“Be on guard for yourselves and for all the flock, among which the Holy Spirit has made you overseers, to shepherd the church of God, which He purchased with His own blood.” Acts 20:28
Christ’s suffering testified to the fact that He aimed to call out a people (not just a bunch of individuals) for his name (1 Peter 2). He is glorified by a community that declares His sufficiency for them. If the fact that Christ loves the church (Ephesians 5:25) in this way isn’t enough, here are some other practical and theological reasons why we love to see people engaged in a local body of believers:
As a member of the body, you are under the care and supervision of the pastoral staff and other ministries of the church. These ministries are designed to help you in your walk with Christ (Ephesians 4:11-16).
Since the beginning of the church, there has been a clear line between those who were members and those who were not (1 John 2:19).
The resources of Providence may be able to help you get overseas for mission trips, can help in times of need, etc (Titus 3:14).
You will become an identified member of this local church. You are then visibly identified with Christ’s body. When Jesus came to Saul on the Damascus road, He asked him, “Saul, Saul why are you persecuting me?” He did not say, “Why are you persecuting my church?,” but He said “me.” Jesus is so closely related to the church that He sees her as His wife. He is inseparable from His church. This means that Christ’s representation on earth is the church and when you believe in Jesus you belong to the universal church and seek to become part of the local church, His visible and tangible presence in a people (Acts 9:4).
People will be praying for you on a regular basis through the prayer ministry (Luke 19:46).
Timothy 2:15 instructs us that the church is the “pillar and support of the truth,” so by not being a part of the body you may expose yourself to many errors in doctrine (Jue 3; 1 Timothy 4:16; Ephesians 4:14-16).
1 Peter 5:5 states, “You younger men, likewise, be subject to your elders…” This submissive spirit shows itself by one’s willingness to submit to the elders of the local body in which he or she is involved. The elders here hold membership as a high value and thus have raised the bar on what it means to be a member at Providence (Hebrews 13:17).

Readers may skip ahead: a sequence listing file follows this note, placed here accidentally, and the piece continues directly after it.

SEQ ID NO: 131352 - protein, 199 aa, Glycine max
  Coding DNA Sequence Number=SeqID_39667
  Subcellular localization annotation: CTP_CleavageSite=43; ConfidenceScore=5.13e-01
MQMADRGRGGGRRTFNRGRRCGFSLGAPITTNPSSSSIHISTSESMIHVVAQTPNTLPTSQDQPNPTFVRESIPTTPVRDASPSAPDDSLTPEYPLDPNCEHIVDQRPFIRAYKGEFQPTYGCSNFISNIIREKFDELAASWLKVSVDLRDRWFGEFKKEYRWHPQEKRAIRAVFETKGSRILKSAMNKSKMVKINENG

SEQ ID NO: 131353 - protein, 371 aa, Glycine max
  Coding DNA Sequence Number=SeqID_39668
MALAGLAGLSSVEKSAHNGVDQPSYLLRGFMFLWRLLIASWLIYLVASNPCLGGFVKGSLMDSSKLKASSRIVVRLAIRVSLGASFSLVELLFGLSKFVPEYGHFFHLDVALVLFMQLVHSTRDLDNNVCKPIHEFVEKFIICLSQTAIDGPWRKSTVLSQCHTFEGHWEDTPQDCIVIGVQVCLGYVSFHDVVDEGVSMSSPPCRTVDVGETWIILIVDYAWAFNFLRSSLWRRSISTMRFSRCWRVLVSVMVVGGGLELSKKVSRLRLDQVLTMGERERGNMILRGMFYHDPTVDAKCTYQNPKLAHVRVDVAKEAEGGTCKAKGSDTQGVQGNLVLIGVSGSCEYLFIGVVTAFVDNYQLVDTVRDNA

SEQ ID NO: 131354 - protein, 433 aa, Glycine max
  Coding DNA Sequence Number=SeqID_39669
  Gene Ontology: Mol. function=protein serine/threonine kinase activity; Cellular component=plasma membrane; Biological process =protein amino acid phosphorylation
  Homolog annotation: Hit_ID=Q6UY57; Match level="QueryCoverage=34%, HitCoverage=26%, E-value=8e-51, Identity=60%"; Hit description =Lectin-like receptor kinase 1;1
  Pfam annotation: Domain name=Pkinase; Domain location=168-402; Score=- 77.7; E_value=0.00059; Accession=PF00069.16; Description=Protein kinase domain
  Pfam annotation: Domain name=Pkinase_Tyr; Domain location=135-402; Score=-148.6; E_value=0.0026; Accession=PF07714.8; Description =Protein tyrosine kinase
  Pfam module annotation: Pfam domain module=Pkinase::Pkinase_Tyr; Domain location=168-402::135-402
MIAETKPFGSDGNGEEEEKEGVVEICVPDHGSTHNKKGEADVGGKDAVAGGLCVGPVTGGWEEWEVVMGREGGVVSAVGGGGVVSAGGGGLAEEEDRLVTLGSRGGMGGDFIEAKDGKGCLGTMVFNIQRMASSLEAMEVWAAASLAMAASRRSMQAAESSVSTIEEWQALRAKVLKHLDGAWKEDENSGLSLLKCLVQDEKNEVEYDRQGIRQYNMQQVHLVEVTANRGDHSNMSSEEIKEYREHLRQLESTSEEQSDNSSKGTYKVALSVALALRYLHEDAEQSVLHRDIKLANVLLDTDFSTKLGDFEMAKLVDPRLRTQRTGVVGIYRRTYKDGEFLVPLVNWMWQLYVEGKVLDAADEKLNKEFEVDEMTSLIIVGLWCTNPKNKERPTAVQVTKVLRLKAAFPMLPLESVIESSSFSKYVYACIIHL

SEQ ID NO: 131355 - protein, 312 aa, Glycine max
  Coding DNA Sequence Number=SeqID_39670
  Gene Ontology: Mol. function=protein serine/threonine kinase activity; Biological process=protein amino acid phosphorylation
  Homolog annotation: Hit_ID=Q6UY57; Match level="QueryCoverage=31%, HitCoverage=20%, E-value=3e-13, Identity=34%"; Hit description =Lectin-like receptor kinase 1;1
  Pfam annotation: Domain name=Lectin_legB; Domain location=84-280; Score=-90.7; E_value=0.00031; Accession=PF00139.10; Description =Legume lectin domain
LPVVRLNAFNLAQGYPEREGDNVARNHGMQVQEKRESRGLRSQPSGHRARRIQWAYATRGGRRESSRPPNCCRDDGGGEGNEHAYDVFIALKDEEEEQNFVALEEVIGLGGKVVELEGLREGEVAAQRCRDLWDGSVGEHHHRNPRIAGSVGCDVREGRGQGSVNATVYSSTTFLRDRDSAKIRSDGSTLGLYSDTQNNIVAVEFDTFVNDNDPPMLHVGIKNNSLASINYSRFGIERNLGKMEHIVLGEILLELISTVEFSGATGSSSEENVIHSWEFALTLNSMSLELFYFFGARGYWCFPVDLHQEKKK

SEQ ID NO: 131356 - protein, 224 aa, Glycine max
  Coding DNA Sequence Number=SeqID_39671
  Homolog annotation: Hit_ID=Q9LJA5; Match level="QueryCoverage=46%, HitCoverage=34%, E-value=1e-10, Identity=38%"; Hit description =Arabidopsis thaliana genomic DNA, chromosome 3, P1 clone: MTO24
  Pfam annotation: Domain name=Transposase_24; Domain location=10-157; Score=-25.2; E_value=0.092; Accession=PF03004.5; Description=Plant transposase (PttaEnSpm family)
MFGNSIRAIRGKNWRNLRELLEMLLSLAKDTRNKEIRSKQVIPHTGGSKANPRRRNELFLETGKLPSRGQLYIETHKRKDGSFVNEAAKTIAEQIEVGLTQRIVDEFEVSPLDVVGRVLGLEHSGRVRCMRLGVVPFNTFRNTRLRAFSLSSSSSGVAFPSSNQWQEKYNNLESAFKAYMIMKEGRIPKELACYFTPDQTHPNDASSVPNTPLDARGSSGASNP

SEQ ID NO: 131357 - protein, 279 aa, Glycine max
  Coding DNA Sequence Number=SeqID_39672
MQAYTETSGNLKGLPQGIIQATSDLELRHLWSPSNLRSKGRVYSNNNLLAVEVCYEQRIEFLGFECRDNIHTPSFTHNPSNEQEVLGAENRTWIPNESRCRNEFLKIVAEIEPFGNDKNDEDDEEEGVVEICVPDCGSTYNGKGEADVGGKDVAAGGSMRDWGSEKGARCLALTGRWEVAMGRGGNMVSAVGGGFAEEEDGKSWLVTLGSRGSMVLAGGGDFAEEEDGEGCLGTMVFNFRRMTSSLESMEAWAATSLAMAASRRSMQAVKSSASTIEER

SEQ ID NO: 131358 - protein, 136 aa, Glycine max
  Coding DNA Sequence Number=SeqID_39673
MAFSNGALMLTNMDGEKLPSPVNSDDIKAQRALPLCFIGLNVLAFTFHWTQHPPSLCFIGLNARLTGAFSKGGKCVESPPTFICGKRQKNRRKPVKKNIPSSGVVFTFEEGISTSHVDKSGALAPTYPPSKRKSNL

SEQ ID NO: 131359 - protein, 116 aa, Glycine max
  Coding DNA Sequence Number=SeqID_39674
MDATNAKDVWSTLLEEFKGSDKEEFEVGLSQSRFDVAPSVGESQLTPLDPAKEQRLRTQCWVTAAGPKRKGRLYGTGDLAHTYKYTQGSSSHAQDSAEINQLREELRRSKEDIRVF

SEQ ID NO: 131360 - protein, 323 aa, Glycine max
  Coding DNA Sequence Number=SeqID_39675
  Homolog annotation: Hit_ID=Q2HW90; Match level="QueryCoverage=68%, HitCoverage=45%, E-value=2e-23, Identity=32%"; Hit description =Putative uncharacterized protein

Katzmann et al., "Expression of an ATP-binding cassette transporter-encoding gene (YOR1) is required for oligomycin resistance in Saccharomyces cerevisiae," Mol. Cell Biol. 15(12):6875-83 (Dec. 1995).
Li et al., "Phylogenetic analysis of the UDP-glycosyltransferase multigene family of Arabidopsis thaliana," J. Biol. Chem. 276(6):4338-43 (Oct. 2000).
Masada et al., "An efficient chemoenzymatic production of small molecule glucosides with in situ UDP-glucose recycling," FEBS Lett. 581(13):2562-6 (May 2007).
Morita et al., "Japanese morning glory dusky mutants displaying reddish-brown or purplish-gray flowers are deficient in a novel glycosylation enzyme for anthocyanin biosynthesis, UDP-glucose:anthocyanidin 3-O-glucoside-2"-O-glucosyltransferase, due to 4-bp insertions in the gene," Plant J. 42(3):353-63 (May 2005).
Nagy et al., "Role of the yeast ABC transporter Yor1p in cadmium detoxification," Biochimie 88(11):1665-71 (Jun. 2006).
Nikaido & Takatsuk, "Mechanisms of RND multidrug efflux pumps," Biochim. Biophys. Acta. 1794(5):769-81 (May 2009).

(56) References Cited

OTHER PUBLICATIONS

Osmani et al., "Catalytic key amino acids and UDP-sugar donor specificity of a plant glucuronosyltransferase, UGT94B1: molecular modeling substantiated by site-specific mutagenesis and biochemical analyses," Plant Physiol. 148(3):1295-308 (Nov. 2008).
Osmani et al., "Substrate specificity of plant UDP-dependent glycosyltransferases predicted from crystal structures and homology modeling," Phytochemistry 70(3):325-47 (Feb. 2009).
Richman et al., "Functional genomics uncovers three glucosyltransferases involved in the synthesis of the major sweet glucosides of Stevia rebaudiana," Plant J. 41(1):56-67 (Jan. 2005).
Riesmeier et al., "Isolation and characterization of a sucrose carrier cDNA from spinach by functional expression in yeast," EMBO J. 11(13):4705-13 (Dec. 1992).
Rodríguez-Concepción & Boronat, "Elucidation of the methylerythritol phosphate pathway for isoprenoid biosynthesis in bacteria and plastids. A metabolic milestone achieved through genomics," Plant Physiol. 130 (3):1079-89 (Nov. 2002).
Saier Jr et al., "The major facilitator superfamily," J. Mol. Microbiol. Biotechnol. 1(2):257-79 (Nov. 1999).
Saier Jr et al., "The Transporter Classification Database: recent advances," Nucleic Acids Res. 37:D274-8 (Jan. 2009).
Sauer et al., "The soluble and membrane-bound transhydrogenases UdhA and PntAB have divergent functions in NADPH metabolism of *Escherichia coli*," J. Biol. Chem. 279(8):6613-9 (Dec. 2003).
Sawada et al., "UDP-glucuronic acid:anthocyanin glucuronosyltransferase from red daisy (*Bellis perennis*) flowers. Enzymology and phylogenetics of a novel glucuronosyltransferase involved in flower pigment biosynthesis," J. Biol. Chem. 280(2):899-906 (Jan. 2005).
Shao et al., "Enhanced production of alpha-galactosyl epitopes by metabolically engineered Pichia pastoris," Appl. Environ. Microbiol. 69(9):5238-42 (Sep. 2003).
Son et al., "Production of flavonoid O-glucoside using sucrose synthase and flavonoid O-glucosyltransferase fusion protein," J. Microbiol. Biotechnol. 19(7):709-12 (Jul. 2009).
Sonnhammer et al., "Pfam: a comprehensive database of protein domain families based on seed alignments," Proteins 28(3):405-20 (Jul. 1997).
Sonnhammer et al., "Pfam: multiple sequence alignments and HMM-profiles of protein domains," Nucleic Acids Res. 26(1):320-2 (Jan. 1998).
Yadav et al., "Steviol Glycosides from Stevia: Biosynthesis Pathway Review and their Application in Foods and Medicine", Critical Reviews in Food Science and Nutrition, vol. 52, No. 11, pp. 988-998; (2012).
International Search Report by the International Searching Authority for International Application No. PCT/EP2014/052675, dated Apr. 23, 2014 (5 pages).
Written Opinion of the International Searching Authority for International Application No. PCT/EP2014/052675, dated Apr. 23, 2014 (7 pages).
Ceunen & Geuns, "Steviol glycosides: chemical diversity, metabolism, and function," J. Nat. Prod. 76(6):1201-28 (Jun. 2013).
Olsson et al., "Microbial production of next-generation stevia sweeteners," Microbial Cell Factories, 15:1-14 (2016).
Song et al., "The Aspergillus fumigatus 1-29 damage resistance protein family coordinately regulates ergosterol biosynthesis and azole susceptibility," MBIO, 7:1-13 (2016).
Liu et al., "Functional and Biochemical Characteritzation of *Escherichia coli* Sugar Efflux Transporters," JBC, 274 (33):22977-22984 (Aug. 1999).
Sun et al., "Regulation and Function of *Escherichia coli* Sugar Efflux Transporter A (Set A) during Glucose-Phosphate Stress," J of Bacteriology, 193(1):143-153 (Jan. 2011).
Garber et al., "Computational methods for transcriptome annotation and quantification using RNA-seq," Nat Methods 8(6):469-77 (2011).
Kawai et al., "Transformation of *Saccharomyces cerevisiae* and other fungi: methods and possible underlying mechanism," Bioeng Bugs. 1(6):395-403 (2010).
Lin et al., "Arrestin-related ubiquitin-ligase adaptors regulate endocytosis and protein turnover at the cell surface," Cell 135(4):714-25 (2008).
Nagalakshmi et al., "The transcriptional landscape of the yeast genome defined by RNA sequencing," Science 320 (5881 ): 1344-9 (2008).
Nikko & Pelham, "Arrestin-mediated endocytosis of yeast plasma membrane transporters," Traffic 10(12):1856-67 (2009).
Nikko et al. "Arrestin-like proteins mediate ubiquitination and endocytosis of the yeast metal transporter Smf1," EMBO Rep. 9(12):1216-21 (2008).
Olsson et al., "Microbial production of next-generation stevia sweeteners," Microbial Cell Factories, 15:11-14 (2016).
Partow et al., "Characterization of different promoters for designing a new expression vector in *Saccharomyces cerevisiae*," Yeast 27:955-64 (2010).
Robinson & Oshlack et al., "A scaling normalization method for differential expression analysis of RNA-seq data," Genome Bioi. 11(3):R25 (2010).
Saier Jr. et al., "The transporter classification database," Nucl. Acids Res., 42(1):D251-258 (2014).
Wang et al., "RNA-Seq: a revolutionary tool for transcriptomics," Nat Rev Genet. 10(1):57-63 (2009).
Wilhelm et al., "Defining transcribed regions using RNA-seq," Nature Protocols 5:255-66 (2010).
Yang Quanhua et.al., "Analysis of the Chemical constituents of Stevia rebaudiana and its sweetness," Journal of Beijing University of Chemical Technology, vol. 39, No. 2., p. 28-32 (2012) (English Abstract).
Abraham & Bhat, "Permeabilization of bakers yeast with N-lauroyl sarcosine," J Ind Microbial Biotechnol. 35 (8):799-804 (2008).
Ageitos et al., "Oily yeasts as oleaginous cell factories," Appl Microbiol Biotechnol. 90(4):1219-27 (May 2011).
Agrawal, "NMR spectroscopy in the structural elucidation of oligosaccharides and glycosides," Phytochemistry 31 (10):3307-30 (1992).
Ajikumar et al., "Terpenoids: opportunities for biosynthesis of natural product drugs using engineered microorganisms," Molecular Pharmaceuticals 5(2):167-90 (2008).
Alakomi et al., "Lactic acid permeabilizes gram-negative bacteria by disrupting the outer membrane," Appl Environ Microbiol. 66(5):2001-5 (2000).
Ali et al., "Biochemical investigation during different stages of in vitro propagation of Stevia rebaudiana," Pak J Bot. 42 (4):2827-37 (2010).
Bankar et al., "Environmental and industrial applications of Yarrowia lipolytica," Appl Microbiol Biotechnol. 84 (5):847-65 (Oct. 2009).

God has gifted each believer with a gift to be used in his body (1 Corinthians 12:4-7). Many struggle with finding their place in Providence. The reason for this could be because they have not fully committed to the body through membership.
For the people of God to fully experience God’s love and fully express God’s love one needs to belong to a local church. “This is My commandment, that you love one another as I loved you. Greater love has no one than this, that he lay down his life for his friends.” (John 15:13). The greatest apologetic the church has to show Jesus is real to a lost and dying world is to love one another. “…As I have loved you, so also you must love one another. By this all men will know that you are My disciples, if you love one another” (John 13:34-35)
Baptism and the Lord’s Supper are available to all believers who have placed their faith in Christ. There is a difference however between those who are visiting the church and those who are committed members. Members are able to welcome people into their church body through baptism and are able to participate with their church body at the table of the Lord. The horizontal aspects of their worship are strengthened because they celebrate the ordinances with their local family. A visitor is not able to have this type of experience through the ordinances (Matthew 28:18-20; 1 Corinthians 11:23-34).
Becoming a member opens up a variety of service opportunities that are not available to attendees (Acts 20:35).
God desires for His people to be holy. We do church discipline because we love you. We want what is best for you, namely, your growing closer to Christ. Accountability is for your good and God’s glory. We need each other to speak into our lives and do all that is possible to help one another walk in a manner worthy of Christ name. Church discipline is always for the intention of restoration and not punitive. If you are not a member, we don’t have the context to love you in this manner because the process is to be done in a local church setting (Matthew 18:15-20; Galatians 6:1; 1 Timothy 5:20).